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Friday, 1 March 2013

Managing news

I was asked today how I manage to stay abreast of business and technology developments. Suffice to say there is no rocket science in the answer, but it occurred to me that I do a number of things and have a certain workflow for processing news that others might find of interest. This post documents what I find works well, others may have different solutions. But here is my approach:

  1. It all starts with having an inquisitive mind. You need to question and research. That's a founding philosophy. Be interested in a small number of topics, develop a hunger for truth.
  2. Use twitter as a news source. Everything gets tweeted these day and its an ideal source for sifting through items to find things of interest.
  3. When you find someone or an organisation that tweets things of interest, follow them. Check out who they follow and follow those that look interesting as well (this sometimes feels a stalkery, but its why follow lists are public so get over it). Watch who the interesting people mention in their tweets and follow them as well. Don't ignore the email suggestions of people to follow from twitter - this is a really useful service that has given me numerous great sources. Whatever they use to produce those recommendations really works, so check the recommendations out and follow the interesting ones.
  4. Pay particular attention to the independent minded commentators on topics of interest. Make a point of working out who they are. It takes time, but usually there are a few key people - their opinions are usually very well researched and they tend to focus on their reputation, not maximising clicks. Their opinion is preferable to the mainstream press IMHO.
  5. Use lists in twitter to group interesting sources into topics, so you can easily see what's new on a given topic without wading through a huge timeline. The twitter website is almost unusable for lists, don't bother, get a decent twitter client. I use Tweetbot on iOS and Mac that is sublime for managing lists. There will be other clients for other platforms, but I don't use them so can't advise; google is your friend. Focus on how easy it is to manage lists, as a lot of clients (including the official twitter app the last time I looked) are no better than the website.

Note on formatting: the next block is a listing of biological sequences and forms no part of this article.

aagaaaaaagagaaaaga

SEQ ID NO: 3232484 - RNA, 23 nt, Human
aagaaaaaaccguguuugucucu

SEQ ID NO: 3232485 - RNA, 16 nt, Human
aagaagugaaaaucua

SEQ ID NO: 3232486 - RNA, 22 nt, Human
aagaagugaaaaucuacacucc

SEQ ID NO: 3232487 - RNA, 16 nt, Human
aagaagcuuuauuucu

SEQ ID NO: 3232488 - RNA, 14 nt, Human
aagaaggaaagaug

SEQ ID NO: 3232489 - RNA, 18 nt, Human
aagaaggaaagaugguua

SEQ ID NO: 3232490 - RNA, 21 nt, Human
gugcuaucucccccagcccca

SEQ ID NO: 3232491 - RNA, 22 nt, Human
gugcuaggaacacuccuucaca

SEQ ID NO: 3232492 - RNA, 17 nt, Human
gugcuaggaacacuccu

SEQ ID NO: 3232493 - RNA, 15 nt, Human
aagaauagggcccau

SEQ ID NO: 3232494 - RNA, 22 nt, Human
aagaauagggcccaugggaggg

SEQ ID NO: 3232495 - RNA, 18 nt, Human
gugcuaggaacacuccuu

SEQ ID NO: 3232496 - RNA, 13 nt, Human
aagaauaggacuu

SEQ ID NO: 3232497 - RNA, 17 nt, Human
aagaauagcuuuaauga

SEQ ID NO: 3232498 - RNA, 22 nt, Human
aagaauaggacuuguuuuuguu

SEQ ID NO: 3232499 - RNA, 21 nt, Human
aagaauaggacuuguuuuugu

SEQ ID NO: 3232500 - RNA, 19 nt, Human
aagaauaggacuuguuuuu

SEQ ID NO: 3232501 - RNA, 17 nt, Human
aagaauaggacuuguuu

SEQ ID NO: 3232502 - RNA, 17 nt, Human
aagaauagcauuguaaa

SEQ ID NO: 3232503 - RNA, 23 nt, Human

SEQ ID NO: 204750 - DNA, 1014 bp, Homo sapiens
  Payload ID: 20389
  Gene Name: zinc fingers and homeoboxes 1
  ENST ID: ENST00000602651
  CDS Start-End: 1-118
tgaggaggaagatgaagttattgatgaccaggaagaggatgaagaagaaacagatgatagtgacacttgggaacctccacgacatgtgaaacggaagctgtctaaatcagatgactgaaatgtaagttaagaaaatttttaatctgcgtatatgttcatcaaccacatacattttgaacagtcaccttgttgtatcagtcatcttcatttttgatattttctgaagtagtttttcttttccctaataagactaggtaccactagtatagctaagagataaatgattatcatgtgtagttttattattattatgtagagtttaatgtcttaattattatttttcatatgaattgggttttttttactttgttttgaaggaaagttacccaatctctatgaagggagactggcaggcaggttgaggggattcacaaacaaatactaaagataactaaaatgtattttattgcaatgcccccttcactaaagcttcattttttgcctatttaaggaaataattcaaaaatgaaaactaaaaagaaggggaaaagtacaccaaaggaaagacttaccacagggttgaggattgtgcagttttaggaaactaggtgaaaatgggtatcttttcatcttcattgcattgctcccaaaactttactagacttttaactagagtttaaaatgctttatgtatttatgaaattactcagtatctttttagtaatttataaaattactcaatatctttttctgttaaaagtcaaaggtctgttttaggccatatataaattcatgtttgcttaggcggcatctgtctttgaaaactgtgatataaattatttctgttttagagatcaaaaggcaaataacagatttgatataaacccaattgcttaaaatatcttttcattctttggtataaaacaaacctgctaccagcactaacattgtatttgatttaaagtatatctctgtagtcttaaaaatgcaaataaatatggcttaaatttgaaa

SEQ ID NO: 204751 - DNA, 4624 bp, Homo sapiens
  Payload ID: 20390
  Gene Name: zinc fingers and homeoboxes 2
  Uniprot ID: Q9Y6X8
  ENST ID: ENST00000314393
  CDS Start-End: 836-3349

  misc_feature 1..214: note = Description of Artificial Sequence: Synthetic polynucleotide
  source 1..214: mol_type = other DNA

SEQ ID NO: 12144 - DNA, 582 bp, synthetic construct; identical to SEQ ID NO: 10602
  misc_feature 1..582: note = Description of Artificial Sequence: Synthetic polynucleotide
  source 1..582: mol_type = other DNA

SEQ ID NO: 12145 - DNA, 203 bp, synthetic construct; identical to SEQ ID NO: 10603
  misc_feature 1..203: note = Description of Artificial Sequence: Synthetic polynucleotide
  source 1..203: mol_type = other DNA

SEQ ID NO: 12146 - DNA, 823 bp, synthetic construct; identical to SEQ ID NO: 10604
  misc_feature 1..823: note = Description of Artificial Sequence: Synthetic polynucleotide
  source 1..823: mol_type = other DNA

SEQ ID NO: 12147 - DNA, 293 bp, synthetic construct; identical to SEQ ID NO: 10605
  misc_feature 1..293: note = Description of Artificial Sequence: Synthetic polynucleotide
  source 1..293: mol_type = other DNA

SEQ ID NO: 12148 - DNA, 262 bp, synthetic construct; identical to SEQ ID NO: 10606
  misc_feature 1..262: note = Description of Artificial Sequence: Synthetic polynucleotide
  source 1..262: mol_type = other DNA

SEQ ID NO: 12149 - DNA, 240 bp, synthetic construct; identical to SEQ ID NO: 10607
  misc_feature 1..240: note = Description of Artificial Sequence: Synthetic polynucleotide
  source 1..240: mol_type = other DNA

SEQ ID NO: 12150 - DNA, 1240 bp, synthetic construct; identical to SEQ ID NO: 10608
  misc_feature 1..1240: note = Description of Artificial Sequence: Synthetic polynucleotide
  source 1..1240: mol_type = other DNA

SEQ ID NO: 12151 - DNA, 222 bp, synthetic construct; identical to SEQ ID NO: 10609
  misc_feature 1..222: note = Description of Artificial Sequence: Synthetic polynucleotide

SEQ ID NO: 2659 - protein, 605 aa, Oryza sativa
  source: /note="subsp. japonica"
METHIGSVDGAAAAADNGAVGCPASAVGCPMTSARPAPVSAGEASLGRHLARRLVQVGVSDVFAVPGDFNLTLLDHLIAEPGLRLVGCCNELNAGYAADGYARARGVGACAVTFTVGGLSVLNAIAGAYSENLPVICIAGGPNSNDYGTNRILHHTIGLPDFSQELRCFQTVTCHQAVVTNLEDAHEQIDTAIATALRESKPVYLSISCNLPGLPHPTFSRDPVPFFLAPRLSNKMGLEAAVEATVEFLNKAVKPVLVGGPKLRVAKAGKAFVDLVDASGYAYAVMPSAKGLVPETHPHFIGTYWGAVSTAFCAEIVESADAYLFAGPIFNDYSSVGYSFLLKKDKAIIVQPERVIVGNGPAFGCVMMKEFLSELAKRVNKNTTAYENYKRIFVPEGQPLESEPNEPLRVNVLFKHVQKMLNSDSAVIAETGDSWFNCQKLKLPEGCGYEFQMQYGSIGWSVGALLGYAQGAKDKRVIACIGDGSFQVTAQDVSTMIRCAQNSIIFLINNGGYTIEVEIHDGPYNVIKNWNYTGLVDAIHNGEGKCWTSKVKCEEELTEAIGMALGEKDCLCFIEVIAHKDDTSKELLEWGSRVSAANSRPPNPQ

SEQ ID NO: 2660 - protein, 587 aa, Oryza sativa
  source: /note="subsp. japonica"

6. If you see something in the mainstream press, be suspicious. Most mainstream press summarise and spin the content to give you a pre-packaged opinion. It's like a ready-meal though - you don't know when it's beef and when it's horse. I could add another word to the end of that sentence. Follow links to the article's source or google if the source isn't linked. Assume any mainstream opinion is dubious and seek out your own opinion based on facts, not a summary of those facts. Be hungry for facts, they matter.
  7. There's too much content for our brains, so you need help to remember it. Bookmarks are useless; links stop working and the link is rarely visual enough to prompt your memory. I now clip everything to Evernote. This is a truly fantastic app available on most platforms. Instead of saving a link you save the content to the cloud. Run, don't walk to download it. Setup notebooks to organise your clippings. I have it on all my devices, so my evernote content is automatically synced everywhere; perfect!
  8. Use a 'read later' service that integrates with your browser and twitter client to reduce friction on clipping content. I use InstaPaper, but others are available. This is critical because when you find something interesting you can clip to InstaPaper and read it when you have time, even when there's no network (usually on the train for me). I have InstaPaper setup so the favourite button automatically clips to Evernote. So, I review articles in InstaPaper and favourite those I want to keep, ensuring anything of interest gets saved to Evernote. As most twitter clients integrate with read later services this ensures you have a frictionless way of getting content to Evernote. This workflow is perfectly for me. I don't know if other read later services integrate with Evernote. For me this is a critical requirement, so go check it out.
  9. Grab your choice of magazine app; FlipBoard, Zite, etc and explore the content sources. Connect it to your read-later app to clip contents as per twitter.
  10. I used to use RSS, but have pretty much transitioned away from it now. I'd need an RSS reader to integrate with InstaPaper and/or Evernote if this was a source of news for me.

Apologies that my workflow is a little iOS/Mac centric, but I don't use other platforms. I'm sure there are equally good workflows available elsewhere. The apps I mention, TweetBot, InstaPaper, Evernote and their integration, are really important to my workflow.


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